Due to the moderating influence of the Atlantic or Pacific, most areas of the country in European Russia, in the south of West Siberia and in the south of the Russian Far East, including the cities of Moscow and Saint Petersburg, experience a humid continental climate. (Köppen’s Dfb, Dfa, Dwb, Dwa types). Most of Northern European Russia and Siberia between the Scandinavian Peninsula and the Pacific Ocean has a subarctic climate, with extremely severe winters (Dfd, Dwd) in the inner regions of Northeast Siberia (mostly the Sakha Republic, where the Northern Pole of Cold is located with the record low temperature of −69 °C or −92.2 °F), and more moderate (Dwc, Dfc) elsewhere.
The strip of land along the shore of the Arctic Ocean, as well as the Arctic islands, have a polar climate (ice cap climate (EF) on some of the islands and tundra climate (ET) elsewhere). A small portion of the Black Sea coast, most notably in Sochi, possesses a humid subtropical climate (Köppen’s Cfa) with unusually wet winters. Winter is dry compared to summer in many regions of East Siberia and the Far East (Dwa, Dwb, Dwc, Dwd types), while other parts of the country experience more even precipitation across seasons. Winter precipitation in most parts of the country usually falls as snow. The region along the Lower Volga and Caspian Sea coast, as well as some areas of southernmost Siberia, possess a semi-arid climate (BSk). The city of Kaliningrad has an Oceanic climate (Cfb) due to its relatively mild (avg. above -3C) winters and cool summers.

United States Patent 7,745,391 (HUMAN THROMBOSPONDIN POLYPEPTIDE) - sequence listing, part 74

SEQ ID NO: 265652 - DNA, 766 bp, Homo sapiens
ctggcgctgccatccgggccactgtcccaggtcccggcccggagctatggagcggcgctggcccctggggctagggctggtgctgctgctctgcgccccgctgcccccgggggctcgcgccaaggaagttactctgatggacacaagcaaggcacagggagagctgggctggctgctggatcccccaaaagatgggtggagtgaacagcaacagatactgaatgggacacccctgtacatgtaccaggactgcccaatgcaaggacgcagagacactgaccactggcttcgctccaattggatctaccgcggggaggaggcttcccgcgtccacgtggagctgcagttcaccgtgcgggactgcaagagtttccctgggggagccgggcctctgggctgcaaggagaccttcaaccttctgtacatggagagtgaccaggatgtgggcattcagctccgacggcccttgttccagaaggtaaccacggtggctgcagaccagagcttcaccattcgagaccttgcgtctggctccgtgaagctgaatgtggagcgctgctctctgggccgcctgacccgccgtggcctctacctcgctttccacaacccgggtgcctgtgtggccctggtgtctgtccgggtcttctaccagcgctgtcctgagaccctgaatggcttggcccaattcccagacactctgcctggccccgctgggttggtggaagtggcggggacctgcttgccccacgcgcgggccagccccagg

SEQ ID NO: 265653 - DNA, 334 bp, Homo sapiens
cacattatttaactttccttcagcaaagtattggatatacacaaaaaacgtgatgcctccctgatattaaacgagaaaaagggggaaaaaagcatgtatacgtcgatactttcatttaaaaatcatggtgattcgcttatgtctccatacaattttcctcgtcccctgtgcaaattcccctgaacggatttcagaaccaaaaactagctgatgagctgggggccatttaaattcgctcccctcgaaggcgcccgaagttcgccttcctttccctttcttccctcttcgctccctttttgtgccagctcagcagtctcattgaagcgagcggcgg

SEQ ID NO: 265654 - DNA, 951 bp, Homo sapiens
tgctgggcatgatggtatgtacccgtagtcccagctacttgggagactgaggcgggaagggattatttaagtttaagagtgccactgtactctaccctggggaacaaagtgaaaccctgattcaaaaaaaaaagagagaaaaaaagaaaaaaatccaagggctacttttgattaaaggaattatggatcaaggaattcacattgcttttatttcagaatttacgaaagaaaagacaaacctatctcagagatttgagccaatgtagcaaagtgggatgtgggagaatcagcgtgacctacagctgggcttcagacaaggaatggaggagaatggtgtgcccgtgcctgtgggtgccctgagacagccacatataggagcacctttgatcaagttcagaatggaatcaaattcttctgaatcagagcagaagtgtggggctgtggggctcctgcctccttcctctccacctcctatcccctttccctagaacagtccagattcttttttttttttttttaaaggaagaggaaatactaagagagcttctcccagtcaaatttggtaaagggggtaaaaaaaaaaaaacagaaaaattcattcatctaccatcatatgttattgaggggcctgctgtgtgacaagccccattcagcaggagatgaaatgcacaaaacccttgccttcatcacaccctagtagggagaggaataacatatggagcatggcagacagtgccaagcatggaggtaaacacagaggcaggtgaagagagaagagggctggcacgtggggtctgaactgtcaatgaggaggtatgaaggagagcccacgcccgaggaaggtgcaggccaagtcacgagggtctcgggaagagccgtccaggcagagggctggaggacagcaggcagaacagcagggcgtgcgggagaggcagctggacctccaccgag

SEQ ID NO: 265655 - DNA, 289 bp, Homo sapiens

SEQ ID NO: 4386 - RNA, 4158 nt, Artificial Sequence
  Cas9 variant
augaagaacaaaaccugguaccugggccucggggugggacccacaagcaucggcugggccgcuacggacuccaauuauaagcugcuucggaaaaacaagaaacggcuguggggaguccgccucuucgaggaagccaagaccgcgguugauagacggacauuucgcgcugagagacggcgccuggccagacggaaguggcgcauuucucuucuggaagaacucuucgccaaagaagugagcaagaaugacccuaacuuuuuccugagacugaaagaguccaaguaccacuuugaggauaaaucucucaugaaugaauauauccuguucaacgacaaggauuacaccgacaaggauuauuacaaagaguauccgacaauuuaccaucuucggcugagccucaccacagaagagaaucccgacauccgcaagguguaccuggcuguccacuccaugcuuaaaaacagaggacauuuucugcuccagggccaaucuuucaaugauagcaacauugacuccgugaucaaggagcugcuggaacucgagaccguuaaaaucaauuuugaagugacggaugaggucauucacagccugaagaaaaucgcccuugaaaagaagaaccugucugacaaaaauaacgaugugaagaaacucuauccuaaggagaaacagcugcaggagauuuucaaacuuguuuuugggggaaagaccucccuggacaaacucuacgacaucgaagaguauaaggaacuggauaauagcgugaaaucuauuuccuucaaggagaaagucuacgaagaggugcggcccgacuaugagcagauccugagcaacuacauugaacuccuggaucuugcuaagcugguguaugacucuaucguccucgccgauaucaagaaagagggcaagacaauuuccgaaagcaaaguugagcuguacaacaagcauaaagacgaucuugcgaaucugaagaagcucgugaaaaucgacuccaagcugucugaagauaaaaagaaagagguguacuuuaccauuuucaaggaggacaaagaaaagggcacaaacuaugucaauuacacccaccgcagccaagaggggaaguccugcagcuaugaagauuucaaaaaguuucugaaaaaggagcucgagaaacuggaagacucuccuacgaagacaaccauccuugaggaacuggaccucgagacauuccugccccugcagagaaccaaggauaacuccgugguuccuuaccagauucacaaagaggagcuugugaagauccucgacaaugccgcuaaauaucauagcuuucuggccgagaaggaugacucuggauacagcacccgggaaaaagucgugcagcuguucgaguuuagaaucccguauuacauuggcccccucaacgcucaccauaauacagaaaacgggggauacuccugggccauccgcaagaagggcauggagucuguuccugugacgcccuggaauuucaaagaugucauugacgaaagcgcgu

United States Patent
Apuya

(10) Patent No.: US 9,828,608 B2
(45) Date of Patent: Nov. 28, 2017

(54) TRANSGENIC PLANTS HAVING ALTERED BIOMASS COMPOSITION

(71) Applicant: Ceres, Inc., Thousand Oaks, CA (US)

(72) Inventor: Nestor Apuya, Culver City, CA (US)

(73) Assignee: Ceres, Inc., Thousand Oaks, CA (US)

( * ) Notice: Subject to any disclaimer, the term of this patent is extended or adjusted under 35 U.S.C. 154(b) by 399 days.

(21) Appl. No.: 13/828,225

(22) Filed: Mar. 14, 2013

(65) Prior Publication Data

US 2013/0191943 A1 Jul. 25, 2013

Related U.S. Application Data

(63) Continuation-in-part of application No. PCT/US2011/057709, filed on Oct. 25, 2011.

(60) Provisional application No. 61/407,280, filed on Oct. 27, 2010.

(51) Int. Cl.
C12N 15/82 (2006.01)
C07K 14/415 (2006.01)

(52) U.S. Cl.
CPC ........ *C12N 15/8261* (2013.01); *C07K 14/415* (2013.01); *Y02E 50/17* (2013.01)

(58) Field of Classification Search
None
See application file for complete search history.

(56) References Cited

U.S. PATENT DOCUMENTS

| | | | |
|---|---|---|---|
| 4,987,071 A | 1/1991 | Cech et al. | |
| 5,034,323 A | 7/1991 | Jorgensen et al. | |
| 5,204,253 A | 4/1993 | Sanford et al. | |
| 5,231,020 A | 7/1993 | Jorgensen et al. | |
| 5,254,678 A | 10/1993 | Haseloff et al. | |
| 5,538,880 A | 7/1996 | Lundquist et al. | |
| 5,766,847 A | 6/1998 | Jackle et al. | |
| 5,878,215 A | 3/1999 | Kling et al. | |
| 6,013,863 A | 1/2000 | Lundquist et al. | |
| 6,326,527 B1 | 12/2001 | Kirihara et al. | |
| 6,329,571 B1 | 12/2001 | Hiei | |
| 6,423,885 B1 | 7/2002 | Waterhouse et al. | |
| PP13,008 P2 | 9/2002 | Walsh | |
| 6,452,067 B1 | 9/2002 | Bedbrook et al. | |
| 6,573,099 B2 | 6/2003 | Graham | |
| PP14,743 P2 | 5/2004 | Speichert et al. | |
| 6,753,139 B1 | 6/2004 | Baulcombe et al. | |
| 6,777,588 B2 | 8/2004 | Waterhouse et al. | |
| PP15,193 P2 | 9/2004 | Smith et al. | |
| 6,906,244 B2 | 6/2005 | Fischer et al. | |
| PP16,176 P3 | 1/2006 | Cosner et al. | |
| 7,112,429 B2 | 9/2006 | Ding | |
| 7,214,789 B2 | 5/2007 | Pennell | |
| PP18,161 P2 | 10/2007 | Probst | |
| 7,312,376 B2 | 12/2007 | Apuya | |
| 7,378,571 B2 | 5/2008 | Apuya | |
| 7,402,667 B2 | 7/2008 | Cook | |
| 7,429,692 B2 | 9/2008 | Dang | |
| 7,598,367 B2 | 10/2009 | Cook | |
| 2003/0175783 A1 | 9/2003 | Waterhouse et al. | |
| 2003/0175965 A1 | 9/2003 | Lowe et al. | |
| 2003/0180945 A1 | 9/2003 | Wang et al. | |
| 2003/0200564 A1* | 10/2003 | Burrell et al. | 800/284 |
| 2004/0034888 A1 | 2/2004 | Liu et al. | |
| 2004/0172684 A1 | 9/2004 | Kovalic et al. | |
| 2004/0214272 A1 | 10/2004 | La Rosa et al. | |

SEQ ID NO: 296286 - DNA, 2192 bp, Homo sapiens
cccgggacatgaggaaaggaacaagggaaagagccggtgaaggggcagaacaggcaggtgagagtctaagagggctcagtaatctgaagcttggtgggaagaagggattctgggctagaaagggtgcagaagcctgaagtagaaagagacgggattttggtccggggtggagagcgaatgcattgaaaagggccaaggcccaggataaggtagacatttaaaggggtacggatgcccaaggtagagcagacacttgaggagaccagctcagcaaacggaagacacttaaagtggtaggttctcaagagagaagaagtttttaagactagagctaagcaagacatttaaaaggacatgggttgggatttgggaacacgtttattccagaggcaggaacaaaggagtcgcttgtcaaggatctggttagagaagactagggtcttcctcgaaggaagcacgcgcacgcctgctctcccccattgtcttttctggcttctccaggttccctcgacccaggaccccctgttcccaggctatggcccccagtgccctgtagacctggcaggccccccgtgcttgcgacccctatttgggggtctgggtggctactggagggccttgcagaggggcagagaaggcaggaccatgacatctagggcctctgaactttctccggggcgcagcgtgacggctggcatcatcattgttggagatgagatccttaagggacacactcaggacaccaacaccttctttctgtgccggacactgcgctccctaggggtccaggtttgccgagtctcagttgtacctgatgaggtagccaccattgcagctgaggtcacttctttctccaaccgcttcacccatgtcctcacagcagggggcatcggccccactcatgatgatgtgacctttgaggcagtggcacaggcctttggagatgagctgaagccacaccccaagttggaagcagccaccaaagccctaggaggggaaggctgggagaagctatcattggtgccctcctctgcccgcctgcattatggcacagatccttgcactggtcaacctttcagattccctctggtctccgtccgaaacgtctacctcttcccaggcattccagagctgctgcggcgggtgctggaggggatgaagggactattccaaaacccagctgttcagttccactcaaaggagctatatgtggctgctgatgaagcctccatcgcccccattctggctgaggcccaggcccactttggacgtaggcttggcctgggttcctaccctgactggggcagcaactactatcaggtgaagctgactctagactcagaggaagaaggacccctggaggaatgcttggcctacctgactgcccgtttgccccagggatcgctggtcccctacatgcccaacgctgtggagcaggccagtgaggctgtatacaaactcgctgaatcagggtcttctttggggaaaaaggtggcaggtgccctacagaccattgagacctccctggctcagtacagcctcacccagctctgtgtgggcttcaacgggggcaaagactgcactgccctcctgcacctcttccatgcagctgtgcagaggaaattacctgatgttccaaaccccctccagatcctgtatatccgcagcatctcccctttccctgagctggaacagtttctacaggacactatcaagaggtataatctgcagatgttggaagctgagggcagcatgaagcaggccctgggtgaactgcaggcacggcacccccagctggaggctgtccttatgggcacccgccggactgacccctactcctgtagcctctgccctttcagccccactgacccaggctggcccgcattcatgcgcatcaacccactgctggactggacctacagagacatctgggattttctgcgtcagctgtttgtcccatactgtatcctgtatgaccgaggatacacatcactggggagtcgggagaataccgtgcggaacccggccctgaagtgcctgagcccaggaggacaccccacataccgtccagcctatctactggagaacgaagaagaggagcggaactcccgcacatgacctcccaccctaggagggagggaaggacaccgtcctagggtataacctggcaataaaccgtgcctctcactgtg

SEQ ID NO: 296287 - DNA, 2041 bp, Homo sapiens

About 65% of the Russian territory is underlain by permafrost.
Russia is served by an extensive system of automatic telephone exchanges connected by modern networks of fiber-optic cable, coaxial cable, microwave radio relay, and a domestic satellite system; cellular telephone service is widely available, expanding rapidly, and includes roaming service to foreign countries. Fiber to the x infrastructure has been expanded rapidly in recent years, principally by regional players including Southern Telecom Company, SibirTelecom, ER Telecom and Golden Telecom. Collectively, these players are having a significant impact on fiber broadband in regional areas, and are enabling operators to take advantage of consumer demand for faster access and bundled services.